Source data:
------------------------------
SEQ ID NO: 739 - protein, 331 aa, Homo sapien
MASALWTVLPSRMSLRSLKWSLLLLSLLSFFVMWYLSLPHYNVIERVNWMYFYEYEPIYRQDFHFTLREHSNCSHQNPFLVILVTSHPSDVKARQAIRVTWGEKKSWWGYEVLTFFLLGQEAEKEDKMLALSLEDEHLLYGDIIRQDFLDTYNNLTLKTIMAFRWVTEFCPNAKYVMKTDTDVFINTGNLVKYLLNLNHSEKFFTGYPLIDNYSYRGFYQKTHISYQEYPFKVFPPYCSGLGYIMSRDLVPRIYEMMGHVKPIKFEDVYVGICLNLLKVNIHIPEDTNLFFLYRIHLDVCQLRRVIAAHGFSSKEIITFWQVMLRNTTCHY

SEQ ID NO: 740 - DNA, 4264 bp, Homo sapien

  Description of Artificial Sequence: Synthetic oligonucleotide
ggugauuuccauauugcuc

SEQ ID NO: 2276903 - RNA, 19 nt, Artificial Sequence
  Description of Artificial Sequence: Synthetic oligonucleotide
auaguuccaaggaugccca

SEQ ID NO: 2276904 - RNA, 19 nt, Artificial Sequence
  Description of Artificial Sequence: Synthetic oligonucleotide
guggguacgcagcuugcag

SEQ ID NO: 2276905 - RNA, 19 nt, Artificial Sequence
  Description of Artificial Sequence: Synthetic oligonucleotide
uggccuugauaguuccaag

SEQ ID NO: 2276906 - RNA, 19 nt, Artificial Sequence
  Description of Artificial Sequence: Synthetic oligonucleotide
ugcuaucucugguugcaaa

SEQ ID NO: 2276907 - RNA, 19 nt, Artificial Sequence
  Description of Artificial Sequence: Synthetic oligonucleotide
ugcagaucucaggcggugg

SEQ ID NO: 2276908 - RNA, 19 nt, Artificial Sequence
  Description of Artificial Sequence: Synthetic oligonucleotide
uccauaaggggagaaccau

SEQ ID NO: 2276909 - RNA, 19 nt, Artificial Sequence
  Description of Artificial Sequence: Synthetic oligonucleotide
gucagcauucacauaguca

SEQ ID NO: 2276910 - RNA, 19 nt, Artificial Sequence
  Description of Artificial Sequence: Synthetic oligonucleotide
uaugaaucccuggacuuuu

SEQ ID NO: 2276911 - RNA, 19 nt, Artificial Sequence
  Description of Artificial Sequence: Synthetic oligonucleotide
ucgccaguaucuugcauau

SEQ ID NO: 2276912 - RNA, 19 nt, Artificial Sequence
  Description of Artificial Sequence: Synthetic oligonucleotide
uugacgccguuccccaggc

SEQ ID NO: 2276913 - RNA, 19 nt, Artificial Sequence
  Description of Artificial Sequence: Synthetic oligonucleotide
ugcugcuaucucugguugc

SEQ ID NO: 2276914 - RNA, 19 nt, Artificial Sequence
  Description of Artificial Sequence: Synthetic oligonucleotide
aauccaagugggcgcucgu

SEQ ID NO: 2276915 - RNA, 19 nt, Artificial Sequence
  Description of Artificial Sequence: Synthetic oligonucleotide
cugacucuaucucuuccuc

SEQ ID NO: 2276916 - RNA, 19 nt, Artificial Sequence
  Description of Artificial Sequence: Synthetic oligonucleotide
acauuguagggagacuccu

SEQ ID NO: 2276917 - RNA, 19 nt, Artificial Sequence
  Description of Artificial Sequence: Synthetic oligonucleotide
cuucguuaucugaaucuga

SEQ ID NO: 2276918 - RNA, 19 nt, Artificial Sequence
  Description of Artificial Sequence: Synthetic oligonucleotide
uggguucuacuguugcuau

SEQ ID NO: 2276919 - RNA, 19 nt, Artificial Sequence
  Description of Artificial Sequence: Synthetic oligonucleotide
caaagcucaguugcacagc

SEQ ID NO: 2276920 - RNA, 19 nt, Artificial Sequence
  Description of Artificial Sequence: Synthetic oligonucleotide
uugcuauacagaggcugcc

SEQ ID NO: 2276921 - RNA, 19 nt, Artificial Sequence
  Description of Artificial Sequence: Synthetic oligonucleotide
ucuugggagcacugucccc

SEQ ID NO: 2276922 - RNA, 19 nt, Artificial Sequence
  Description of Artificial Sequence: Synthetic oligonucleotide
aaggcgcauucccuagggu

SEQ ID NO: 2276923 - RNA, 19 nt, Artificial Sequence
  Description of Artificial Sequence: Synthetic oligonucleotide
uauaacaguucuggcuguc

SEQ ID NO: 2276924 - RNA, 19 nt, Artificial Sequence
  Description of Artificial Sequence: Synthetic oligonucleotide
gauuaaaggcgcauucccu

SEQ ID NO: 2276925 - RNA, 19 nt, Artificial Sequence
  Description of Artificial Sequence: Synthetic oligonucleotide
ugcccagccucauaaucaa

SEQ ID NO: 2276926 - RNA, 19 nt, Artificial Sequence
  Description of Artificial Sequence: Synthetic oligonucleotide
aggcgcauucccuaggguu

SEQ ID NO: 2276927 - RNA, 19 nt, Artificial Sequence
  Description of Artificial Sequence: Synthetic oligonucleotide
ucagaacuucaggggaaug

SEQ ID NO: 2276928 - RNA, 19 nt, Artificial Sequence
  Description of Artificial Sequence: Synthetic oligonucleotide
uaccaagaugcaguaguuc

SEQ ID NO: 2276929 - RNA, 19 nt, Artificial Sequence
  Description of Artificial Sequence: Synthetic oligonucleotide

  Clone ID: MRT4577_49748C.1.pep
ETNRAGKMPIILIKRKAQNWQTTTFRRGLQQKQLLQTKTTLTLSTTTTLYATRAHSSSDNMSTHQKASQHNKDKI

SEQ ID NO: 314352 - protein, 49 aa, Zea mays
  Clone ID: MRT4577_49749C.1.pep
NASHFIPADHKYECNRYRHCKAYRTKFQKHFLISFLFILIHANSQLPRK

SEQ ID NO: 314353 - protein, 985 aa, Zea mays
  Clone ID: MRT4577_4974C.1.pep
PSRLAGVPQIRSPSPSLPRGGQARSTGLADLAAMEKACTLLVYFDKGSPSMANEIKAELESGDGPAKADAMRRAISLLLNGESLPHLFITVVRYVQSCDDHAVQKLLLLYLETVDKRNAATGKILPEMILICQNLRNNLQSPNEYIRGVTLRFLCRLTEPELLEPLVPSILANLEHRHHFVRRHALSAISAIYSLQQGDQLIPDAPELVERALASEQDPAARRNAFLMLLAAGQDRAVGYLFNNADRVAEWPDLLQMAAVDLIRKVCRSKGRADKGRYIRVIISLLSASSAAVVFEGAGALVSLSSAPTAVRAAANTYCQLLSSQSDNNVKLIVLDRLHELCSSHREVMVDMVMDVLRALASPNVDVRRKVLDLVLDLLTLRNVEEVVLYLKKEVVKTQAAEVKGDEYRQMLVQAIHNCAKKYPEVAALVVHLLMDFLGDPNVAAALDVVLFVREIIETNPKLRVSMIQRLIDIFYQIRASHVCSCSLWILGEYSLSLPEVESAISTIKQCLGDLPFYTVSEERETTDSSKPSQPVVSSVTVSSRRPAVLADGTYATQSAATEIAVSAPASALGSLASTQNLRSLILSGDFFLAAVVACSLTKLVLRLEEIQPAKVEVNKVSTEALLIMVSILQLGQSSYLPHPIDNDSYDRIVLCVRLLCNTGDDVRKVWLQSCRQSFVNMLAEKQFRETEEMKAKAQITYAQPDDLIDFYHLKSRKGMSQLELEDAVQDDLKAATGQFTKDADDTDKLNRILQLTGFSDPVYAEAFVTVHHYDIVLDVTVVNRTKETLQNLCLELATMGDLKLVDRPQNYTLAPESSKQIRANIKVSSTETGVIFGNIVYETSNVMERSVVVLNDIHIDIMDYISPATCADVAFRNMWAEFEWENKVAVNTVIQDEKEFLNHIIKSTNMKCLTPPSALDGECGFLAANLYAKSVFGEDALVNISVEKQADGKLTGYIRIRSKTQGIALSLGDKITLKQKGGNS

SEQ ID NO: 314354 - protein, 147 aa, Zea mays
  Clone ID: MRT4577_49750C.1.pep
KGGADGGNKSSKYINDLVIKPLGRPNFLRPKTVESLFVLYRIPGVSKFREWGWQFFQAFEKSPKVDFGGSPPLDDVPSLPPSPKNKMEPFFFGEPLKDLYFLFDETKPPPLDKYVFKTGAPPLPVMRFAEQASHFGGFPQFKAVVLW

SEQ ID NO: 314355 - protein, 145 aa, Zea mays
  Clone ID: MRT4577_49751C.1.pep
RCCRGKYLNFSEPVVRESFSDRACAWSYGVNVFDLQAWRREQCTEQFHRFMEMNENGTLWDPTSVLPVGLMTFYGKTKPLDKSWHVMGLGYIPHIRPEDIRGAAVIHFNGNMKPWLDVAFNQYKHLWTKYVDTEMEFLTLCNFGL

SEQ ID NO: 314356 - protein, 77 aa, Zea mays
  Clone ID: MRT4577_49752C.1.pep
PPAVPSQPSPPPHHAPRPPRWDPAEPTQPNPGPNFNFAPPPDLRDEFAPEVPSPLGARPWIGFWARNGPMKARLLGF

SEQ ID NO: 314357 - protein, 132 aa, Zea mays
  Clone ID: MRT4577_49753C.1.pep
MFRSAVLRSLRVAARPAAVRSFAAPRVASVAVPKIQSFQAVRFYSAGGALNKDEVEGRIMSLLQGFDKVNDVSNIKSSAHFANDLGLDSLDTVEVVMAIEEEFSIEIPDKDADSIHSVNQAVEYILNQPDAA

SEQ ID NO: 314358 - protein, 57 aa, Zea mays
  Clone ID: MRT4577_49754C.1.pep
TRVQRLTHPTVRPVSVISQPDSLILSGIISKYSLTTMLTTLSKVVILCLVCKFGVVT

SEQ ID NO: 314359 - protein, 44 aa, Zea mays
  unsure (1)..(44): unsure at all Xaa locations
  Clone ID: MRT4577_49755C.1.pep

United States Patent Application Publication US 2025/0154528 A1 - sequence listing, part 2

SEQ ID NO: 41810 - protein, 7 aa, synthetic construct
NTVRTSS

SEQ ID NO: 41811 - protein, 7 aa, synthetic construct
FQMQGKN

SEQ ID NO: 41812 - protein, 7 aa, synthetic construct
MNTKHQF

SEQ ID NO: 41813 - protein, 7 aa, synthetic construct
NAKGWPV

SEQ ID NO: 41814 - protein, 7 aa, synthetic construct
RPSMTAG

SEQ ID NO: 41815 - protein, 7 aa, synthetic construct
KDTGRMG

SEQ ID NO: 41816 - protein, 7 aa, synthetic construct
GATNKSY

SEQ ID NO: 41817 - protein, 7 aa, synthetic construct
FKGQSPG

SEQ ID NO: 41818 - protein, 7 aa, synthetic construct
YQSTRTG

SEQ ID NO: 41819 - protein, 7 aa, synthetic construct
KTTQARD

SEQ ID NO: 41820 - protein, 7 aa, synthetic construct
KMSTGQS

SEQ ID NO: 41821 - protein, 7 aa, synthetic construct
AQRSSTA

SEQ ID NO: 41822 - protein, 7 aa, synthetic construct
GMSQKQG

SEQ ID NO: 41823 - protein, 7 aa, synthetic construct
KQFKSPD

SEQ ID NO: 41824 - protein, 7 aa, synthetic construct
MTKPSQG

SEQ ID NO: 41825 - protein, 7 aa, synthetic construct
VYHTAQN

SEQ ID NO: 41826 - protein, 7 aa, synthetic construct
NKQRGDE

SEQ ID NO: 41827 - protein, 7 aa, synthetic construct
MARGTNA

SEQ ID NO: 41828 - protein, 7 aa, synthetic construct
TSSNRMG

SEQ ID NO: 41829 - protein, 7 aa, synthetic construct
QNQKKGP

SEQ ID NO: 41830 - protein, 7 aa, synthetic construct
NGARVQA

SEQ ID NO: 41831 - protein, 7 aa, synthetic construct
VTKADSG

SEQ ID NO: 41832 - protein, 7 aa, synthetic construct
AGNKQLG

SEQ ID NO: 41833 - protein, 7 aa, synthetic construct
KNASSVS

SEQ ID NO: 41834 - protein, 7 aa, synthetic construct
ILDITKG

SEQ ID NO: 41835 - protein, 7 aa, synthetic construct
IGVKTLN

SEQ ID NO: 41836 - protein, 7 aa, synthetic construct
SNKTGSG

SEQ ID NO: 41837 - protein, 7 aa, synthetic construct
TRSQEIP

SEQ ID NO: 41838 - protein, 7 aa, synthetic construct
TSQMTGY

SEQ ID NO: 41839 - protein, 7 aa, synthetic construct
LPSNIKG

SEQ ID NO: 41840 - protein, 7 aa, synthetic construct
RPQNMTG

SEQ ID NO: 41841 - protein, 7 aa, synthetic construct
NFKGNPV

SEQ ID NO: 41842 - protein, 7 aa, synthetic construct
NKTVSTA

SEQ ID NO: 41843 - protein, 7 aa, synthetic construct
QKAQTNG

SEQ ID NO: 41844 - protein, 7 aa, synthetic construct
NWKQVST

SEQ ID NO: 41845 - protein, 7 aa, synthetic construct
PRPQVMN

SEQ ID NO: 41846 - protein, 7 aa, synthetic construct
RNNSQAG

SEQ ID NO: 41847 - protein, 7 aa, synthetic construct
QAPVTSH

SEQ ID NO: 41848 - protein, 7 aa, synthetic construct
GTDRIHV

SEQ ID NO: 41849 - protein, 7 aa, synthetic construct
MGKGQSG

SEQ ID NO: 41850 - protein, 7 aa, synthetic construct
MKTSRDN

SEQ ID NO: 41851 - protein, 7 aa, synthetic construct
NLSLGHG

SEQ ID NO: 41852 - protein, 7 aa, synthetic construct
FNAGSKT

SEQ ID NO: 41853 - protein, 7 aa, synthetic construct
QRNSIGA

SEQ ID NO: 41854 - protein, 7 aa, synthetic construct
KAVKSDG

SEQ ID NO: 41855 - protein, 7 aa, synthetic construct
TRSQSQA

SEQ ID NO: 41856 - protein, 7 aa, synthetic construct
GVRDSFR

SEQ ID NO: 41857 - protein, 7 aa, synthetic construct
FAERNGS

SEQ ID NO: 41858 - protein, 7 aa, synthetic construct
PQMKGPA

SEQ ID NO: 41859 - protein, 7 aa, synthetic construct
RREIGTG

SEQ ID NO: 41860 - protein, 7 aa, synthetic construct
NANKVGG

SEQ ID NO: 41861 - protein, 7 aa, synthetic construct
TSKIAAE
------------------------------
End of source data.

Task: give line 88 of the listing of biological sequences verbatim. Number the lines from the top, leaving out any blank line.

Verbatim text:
SEQ ID NO: 314352 - protein, 49 aa, Zea mays